Maryland IRS Tax Levy Lawyer

When you owe back taxes to the IRS, there are a number of tools that the IRS has the authority to use to collect those taxes from you. One method of federal tax collection involves the usage of a tax lien and levy.

Tax liens allow the federal government to protect its interest in many of your assets, and tax levies allow the federal government to actually seize your assets to satisfy unpaid tax obligations.

Contacting a Maryland IRS tax levy lawyer could be key to fighting back against a tax lien or tax levy. Let a seasoned tax resolution attorney assist you.

IRS Tax Lien in Maryland

A tax lien protects the federal government’s interest in property that individuals own. The IRS can issue a tax lien on individuals’ property if those individuals owe federal taxes, including real estate, vehicles, businesses, and other items of personal property. See 26 U.S.C. § 6321. Plus, if individuals acquire additional property in the future, the IRS tax lien can attach to that property, as well.

A tax lien does not automatically result in the forfeiture of individuals’ property to the federal government to satisfy a tax debt. Rather, it reserves the right of the IRS to benefit from that property in the future if it is necessary to collect a tax debt. For instance, if individuals sell a property that is subject to an IRS tax lien, any proceeds from the sale will first go to satisfy the IRS tax debt.

Tax Lien Procedures

In order to place a lien on individuals’ property, the federal government must issue a Notice of Federal Tax Lien. This is the official notice to the property owners and their creditors that the IRS has placed a tax lien on the property listed in the notice. When individuals receive Notices of Federal Tax Liens, then they have a few options. They can pay the unpaid tax obligation in full within 30 days or appeal the notice of lien.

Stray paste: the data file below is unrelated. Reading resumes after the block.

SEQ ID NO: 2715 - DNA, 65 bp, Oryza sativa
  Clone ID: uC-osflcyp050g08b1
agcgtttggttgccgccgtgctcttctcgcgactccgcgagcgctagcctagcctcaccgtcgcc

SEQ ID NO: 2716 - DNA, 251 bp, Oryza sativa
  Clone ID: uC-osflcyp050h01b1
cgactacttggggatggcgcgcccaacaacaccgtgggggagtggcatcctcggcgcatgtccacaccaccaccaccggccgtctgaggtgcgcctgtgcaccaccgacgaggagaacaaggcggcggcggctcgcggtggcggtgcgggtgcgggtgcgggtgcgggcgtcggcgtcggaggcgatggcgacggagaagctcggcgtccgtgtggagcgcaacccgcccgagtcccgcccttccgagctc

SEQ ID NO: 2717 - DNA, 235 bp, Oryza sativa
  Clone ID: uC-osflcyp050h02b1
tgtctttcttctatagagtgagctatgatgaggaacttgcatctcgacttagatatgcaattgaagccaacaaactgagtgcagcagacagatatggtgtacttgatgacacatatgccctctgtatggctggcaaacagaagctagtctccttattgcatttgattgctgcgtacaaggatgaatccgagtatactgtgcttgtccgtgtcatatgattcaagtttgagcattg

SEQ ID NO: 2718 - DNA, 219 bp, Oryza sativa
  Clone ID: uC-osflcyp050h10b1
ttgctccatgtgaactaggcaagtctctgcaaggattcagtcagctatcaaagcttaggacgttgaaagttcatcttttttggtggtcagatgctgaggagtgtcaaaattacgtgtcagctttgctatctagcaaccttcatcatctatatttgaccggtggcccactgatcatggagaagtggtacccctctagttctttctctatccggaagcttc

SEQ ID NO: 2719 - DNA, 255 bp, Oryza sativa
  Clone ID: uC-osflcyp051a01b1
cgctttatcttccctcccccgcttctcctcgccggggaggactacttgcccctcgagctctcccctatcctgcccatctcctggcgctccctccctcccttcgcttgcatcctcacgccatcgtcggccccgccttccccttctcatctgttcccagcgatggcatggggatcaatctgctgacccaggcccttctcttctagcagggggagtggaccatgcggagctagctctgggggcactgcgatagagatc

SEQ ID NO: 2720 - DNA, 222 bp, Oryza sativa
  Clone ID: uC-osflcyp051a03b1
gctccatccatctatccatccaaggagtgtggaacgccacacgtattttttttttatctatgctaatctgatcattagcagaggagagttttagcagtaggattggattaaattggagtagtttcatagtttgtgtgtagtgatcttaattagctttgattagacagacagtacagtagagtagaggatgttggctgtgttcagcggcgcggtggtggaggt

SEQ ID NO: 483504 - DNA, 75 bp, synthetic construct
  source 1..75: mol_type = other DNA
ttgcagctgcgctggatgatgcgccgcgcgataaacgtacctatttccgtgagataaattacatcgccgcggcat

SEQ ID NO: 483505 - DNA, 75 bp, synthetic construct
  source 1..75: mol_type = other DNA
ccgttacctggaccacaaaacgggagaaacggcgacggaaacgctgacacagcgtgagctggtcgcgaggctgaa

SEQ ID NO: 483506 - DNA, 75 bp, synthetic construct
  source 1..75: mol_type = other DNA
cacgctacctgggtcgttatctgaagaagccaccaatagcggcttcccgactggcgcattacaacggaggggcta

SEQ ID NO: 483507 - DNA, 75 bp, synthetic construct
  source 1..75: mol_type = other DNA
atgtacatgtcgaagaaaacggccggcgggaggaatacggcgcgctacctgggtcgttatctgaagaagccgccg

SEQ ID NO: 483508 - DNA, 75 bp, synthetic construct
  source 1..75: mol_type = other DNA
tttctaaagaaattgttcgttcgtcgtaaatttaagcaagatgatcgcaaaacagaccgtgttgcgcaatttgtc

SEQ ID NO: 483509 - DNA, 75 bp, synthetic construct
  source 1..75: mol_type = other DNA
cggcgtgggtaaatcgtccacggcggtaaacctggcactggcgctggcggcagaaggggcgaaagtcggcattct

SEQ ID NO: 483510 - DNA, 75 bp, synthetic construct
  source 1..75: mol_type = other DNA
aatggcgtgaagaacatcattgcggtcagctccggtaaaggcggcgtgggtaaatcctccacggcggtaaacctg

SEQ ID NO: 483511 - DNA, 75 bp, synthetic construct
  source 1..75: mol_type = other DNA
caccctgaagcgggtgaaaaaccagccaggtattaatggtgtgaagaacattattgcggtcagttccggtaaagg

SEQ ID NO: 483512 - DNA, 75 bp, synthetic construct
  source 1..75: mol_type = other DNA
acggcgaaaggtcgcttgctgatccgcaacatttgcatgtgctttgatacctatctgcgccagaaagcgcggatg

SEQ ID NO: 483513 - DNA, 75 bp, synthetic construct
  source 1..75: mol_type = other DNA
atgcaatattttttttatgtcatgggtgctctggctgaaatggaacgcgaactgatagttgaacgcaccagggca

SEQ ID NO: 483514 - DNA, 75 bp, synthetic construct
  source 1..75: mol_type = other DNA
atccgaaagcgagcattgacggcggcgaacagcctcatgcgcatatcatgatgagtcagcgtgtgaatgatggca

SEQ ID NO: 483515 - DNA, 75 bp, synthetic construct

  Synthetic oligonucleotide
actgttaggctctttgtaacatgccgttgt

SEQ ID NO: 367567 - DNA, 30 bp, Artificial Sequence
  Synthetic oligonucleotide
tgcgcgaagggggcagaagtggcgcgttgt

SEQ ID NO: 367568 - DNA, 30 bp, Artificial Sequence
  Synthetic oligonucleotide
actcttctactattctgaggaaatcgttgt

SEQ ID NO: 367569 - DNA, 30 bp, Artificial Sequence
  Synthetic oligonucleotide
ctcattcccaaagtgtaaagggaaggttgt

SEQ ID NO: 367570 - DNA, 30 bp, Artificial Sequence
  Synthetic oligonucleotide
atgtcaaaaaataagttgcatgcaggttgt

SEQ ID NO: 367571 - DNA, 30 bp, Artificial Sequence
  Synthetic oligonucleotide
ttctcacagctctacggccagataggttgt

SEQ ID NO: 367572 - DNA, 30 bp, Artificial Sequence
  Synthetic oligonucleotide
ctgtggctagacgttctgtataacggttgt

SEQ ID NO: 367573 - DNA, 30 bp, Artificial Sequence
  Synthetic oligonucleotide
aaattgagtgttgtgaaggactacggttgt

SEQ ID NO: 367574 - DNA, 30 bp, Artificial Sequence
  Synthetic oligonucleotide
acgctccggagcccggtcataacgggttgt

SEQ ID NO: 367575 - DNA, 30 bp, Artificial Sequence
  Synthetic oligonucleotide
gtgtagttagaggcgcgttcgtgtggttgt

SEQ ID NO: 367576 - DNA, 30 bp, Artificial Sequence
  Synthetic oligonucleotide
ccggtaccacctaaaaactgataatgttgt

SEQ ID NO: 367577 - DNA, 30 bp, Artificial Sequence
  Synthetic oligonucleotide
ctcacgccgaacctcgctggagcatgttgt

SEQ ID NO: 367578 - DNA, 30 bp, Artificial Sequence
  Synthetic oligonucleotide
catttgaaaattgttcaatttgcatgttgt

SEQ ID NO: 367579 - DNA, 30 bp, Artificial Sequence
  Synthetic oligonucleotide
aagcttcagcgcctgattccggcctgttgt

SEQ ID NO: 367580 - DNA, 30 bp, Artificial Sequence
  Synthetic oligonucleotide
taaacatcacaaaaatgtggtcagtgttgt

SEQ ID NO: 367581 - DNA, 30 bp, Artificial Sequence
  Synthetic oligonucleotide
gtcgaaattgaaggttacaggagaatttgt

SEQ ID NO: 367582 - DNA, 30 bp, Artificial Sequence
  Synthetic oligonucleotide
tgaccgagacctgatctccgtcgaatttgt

In an appeal, taxpayers must explain why they disagree with the IRS decision to impose a lien and propose alternatives to the lien. An IRS tax levy attorney in Maryland can assist taxpayers in preparing and submitting an effective appeal to the IRS.

IRS Tax Levy in Maryland

A tax levy is the mechanism by which the IRS can actually take individuals’ property from them in order to satisfy tax debts. See 26 U.S.C. § 6331. The IRS can place a tax levy on all types of property, including the following:

  • Homes
  • Vehicles
  • Wages
  • Bank accounts
  • Business assets
  • Retirement accounts

There are some assets, however, on which the federal government cannot place a levy. For example, the IRS cannot place a tax levy on unemployment benefits or workers’ compensation benefits. The IRS also normally cannot place a levy on household items, such as clothing or furniture. Nonetheless, the IRS can seize assets on which it does have the authority to place a levy. This includes garnishing bank accounts and wages until a tax debt is paid in full.

Tax Levy Procedures

Prior to seizing or garnishing individuals’ property, the IRS must issue a Final Notice of Intent to Levy. This notice explains the individuals’ right to appeal the decision within 30 days. In an appeal, individuals can contest a decision to levy their property and suggest alternatives to the levy.

For example, individuals could qualify for relief through an Offer in Compromise or an IRS installment plan to satisfy the outstanding tax obligation. With the assistance of a Maryland IRS tax levy attorney, taxpayers may be able to satisfy their tax debts without having their property seized by the federal government.

Talk to a Maryland IRS Tax Levy Attorney Today

When you are facing an IRS tax lien or levy, you risk forfeiting your home, your vehicle, your bank account contents, your wages, and your other assets to pay for your unpaid federal tax debts.

There are strict deadlines for challenging notices of tax liens or levies, so it is essential that you contact a Maryland IRS tax levy lawyer as quickly as possible after receiving a notice from the IRS or become aware of any IRS collection activities.